Over the last few years, there has been a growing public and enterprise interest in 'social media' and their role in modern society. At the heart of this interest is the ability for users to create and share content via a variety of platforms such as blogs, micro-blogs, collaborative wikis, multimedia sharing sites, social networking sites etc. The volume and variety of user-generated content (UGC) and the user participation network behind it are creating new opportunities for understanding web-based practices and building socially intelligent and personalized applications. The goals for our workshop are to focus on sharing research efforts and results in the area of understanding language usage on social media.
While there is a rich body of previous work in processing textual content, certain characteristics of UGC on social media introduce challenges in their analyses. A large portion of language found in UGC is in the Informal English domain — a blend of abbreviations, slang and context specific terms; lacking in sufficient context and regularities and delivered with an indifferent approach to grammar and spelling. Traditional content analysis techniques developed for a more formal genre like news, Wikipedia or scientific articles do not translate effectively to UGC. Consequently, well-understood problems such as information extraction, search or monetization on the Web are facing pertinent challenges owing to this new class of textual data.
Workshops and conferences such as the NIPS workshop on Machine Learning for Social Computing, the International Conference on Social Computing and Behavioral Modeling, the Workshop on Algorithms and Models for the Web Graph, the International Conference on Weblogs and Social Media, the Workshop on Search on Social Media, the Workshop on Social Data on the Web etc., have focused on a variety of problem areas in Social Computing. Results of these meetings have highlighted the challenges in processing social data and the insights that can be garnered to complement traditional techniques (e.g., polling methods).
The goal of the workshop we propose is to bring together researchers from all of these areas but, in contrast to the above conferences and workshops, with a focused goal on exploration of characteristics and challenges associated with language on this evolving digital platform. We believe that the proposed workshop can serve as a focused venue for the linguistics community around the topic of language in social media.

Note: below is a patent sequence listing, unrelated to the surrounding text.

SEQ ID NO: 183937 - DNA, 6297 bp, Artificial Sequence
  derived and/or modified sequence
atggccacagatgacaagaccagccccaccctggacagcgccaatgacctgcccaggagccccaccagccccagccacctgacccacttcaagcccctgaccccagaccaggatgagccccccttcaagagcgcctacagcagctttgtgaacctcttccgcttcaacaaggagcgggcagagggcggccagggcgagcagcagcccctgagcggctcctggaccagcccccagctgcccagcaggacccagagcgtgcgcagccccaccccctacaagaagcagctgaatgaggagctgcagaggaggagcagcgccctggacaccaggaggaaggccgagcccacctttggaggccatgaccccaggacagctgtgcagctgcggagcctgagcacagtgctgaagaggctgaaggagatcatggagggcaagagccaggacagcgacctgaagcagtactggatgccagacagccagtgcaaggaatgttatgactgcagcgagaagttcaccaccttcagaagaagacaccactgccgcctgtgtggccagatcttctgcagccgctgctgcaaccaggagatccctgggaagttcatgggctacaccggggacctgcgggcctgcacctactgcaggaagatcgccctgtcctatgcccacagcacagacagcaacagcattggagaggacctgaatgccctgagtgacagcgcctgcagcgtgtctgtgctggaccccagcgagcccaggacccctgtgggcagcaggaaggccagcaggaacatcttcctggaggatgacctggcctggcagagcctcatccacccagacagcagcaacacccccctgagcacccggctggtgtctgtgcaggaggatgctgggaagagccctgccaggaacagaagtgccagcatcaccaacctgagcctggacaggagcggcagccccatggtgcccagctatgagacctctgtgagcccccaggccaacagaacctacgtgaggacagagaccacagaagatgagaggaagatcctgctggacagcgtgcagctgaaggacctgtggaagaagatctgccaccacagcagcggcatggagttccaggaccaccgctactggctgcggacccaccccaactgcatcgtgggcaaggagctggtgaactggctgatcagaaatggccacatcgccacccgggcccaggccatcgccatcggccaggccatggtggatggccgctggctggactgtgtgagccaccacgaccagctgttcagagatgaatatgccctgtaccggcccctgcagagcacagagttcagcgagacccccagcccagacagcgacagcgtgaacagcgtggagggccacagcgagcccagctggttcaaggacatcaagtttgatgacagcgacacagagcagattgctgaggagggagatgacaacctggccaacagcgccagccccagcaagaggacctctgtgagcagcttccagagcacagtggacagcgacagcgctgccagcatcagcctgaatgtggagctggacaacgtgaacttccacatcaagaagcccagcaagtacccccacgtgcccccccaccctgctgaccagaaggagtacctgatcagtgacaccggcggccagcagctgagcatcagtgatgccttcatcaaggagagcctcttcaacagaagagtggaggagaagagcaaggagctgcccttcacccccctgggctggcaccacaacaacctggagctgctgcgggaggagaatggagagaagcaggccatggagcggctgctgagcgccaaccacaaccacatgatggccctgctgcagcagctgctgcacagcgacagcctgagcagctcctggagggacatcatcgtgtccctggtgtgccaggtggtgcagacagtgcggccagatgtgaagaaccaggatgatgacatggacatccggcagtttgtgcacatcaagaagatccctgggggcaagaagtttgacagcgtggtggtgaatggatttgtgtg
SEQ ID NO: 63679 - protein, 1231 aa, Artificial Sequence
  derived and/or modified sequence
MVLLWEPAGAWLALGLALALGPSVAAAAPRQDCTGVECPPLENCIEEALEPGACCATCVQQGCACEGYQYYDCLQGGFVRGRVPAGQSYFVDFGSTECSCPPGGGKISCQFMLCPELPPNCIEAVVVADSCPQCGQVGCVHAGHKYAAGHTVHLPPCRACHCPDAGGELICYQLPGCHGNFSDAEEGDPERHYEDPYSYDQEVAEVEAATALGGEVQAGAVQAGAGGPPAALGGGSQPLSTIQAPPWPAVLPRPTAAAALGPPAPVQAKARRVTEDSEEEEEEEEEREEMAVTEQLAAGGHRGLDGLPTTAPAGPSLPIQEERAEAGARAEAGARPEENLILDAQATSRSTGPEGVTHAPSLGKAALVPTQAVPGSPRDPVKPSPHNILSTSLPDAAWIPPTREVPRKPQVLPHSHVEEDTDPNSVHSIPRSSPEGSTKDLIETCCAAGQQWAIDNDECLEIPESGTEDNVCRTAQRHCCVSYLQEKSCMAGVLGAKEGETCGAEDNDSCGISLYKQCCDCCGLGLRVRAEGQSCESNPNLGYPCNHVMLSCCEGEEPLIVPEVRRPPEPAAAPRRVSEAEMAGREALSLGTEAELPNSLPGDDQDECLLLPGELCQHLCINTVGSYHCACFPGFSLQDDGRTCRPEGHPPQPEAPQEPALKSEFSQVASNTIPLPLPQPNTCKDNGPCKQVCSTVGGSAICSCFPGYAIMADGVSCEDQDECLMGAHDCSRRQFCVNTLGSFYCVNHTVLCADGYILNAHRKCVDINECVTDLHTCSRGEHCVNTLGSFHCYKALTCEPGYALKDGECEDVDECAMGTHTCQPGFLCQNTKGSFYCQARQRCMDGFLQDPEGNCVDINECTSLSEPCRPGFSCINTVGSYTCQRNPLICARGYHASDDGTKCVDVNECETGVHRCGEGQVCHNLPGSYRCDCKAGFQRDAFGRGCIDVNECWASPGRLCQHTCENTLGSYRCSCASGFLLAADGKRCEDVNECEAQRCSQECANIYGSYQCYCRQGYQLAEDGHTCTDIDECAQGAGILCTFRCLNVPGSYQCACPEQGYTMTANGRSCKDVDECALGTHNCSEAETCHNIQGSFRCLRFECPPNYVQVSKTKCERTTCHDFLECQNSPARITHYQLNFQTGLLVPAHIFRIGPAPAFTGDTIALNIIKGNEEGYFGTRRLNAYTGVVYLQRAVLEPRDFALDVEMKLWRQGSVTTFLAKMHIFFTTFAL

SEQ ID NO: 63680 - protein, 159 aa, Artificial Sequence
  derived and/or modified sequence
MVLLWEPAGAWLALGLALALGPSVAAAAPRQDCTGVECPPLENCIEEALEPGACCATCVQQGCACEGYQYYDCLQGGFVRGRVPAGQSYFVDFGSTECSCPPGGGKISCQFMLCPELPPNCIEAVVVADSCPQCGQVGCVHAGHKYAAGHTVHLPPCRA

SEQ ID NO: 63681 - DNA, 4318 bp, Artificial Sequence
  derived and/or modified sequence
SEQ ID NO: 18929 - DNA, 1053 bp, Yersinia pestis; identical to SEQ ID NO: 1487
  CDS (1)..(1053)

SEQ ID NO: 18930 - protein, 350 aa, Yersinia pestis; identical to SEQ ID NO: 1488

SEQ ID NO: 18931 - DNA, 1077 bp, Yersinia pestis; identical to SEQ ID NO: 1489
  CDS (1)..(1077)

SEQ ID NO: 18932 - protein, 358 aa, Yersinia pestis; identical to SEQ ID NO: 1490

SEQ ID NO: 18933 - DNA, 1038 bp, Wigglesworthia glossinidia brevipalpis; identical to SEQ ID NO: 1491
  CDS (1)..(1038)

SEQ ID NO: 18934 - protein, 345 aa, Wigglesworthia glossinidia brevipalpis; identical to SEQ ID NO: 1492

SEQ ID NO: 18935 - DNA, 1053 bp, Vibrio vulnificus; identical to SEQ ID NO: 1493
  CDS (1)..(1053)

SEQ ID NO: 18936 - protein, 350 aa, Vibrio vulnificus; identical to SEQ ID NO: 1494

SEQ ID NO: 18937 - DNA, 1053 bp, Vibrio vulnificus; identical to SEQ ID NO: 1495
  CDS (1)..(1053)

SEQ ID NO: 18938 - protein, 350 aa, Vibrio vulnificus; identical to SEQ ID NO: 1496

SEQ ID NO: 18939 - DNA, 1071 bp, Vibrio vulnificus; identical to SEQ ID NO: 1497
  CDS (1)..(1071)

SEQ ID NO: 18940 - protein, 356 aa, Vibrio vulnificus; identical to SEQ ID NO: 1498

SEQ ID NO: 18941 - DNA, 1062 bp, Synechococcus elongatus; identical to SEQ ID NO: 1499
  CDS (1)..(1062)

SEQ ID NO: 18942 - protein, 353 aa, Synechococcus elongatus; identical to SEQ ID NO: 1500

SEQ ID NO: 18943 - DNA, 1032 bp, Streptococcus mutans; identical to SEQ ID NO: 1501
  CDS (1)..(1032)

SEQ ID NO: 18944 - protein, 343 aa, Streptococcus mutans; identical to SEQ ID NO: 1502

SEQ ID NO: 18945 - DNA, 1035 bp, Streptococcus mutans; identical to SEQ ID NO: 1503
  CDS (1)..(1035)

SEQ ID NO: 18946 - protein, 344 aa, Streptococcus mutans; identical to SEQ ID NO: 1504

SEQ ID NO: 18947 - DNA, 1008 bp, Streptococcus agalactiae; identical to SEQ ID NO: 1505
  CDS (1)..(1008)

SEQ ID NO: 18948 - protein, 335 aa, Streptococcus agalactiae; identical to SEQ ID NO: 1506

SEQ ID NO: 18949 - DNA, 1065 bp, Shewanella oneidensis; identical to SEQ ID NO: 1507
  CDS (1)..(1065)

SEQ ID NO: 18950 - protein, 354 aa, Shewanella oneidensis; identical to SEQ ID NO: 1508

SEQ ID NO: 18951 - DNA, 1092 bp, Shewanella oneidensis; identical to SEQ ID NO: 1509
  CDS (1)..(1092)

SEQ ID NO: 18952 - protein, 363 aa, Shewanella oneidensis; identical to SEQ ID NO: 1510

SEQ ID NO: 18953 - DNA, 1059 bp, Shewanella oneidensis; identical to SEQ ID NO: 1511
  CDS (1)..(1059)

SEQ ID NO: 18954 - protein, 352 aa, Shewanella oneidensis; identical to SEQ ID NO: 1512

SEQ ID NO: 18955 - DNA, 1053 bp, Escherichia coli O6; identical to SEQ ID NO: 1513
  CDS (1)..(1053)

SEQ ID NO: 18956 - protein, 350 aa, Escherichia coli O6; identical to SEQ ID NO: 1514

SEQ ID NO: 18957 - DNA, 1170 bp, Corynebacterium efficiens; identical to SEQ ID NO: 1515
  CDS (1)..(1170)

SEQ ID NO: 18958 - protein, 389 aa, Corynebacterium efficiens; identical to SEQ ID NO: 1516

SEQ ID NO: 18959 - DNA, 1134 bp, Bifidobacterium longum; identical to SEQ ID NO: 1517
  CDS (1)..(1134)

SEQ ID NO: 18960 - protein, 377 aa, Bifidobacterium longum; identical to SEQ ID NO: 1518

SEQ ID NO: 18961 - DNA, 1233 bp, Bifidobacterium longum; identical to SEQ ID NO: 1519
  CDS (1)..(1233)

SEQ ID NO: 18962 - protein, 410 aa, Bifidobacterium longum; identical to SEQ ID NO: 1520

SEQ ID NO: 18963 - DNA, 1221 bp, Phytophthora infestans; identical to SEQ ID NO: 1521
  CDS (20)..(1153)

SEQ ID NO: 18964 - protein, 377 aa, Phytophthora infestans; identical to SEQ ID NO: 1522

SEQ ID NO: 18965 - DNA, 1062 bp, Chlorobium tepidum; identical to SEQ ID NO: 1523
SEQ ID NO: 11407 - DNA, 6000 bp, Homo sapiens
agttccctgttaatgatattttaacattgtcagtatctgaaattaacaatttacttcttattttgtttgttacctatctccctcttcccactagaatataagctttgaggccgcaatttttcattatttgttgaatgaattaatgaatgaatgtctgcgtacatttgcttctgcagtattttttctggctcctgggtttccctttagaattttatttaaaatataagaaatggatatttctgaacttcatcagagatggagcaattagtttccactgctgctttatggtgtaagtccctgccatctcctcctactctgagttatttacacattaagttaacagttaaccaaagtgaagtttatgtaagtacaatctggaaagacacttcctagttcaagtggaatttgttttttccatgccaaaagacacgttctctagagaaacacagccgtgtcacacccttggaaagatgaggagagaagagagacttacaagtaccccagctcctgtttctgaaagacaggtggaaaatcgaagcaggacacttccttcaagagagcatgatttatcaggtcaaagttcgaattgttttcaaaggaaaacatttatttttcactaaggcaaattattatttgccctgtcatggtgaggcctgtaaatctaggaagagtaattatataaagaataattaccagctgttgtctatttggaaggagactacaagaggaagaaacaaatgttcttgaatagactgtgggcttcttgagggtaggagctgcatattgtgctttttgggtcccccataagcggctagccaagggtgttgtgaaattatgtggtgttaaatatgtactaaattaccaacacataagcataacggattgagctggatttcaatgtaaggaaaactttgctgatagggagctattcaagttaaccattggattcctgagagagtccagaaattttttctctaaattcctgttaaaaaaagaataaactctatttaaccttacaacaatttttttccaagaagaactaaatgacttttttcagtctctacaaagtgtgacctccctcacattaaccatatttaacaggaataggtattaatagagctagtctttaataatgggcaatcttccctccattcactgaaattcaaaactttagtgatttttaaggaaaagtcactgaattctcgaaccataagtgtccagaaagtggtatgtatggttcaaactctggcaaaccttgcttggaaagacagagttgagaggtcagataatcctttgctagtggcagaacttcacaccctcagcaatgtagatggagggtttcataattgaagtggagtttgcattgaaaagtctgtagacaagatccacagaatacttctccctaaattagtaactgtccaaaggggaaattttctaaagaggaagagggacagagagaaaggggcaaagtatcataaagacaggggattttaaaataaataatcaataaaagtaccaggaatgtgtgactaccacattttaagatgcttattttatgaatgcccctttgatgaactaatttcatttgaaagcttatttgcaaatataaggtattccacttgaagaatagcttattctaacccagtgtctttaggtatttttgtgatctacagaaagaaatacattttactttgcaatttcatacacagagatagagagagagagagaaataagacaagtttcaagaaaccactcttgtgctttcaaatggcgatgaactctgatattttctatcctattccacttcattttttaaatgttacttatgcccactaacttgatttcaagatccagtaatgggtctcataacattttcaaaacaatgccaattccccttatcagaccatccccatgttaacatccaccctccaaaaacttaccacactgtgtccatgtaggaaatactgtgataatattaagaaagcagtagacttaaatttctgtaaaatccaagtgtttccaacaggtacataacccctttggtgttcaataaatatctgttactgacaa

Call For Papers
We invite original and unpublished research papers on all topics related to the intersection of computational linguistics and language in social media, including but not limited to the sample topics below. Note that we will also consider submissions on email corpora, with the caveat that the research should be generalizable or emphasize cross-applicability to web-based public social media.
The following is a list of possible topics that may be covered in contributions to this workshop:
- What are people talking about?
What are the Named Entities and topics that people are making references to?
What are effective summaries of volumes of user comments around a news-worthy event that offer a lens into the society's perceptions?
How are cultures interpreting any situation in local contexts and supporting them in their variable observations on a social medium?
- How are they expressing themselves?
What do word usages tell us about an active population or about individual allegiances or non-conformity to group practices?
Are we seeing differences in how users self-present on this new form of digital media?
Can groups of users be described in terms of their language use (e.g. stylistic properties)?
- Why do they scribe?
What are the diverse intentions that produce the diverse content on social media?
Can we understand why we share by looking at what we predominantly do with the medium? What emotions are people sharing about content?
How are community structures and roles evidenced via language usage? Can content analysis shed more light on network properties of community such as link-based diffusion models?
- What level of linguistic analysis is possible/necessary in a noisy medium such as social media?
How can existing analysis techniques be adapted to this medium?
- Language and network structure: How do language and social network properties interact?
What properties of a network (structural connections) or the participants (personalities, influencers, followers) correlate with which properties of the language used?
- Semantic Web / Ontologies / Domain models to aid in social data understanding:
Given the recent interest in the Semantic Web and LOD community to expose models of a domain, how can we utilize these public knowledge bases to serve as priors in linguistic analysis?
Meena Nagarajan (IBM Almaden)
Sara Owsley Sood (Pomona College)
Michael Gamon (Microsoft Research)
John Breslin (U of Galway)
Cindy Chung (UTexas)
Munmun De Choudhury (Arizona State University)
Cristian Danescu-Niculescu-Mizil (Cornell)
Susan Dumais (Microsoft Research)
Jennifer Foster (Dublin City University)
Daniel Gruhl (IBM)
Kevin Haas (Microsoft)
Emre Kiciman (Microsoft Research)
Nicolas Nicolov (Microsoft)
Daniel Ramage (Stanford)
Alan Ritter (University of Washington)
Christine Robson (IBM)
Hassan Sayyadi (University of Maryland)
Valerie Shalin (Wright State)
Amit Sheth (Wright State)
Ian Soboroff (NIST)
Scott Spangler (IBM)
Patrick Pantel (Microsoft Research)
Andrew Gordon (USC)
Georgia Koutrika (IBM)
Hyung-il Ahn (IBM)
Smaranda Muresan (Rutgers)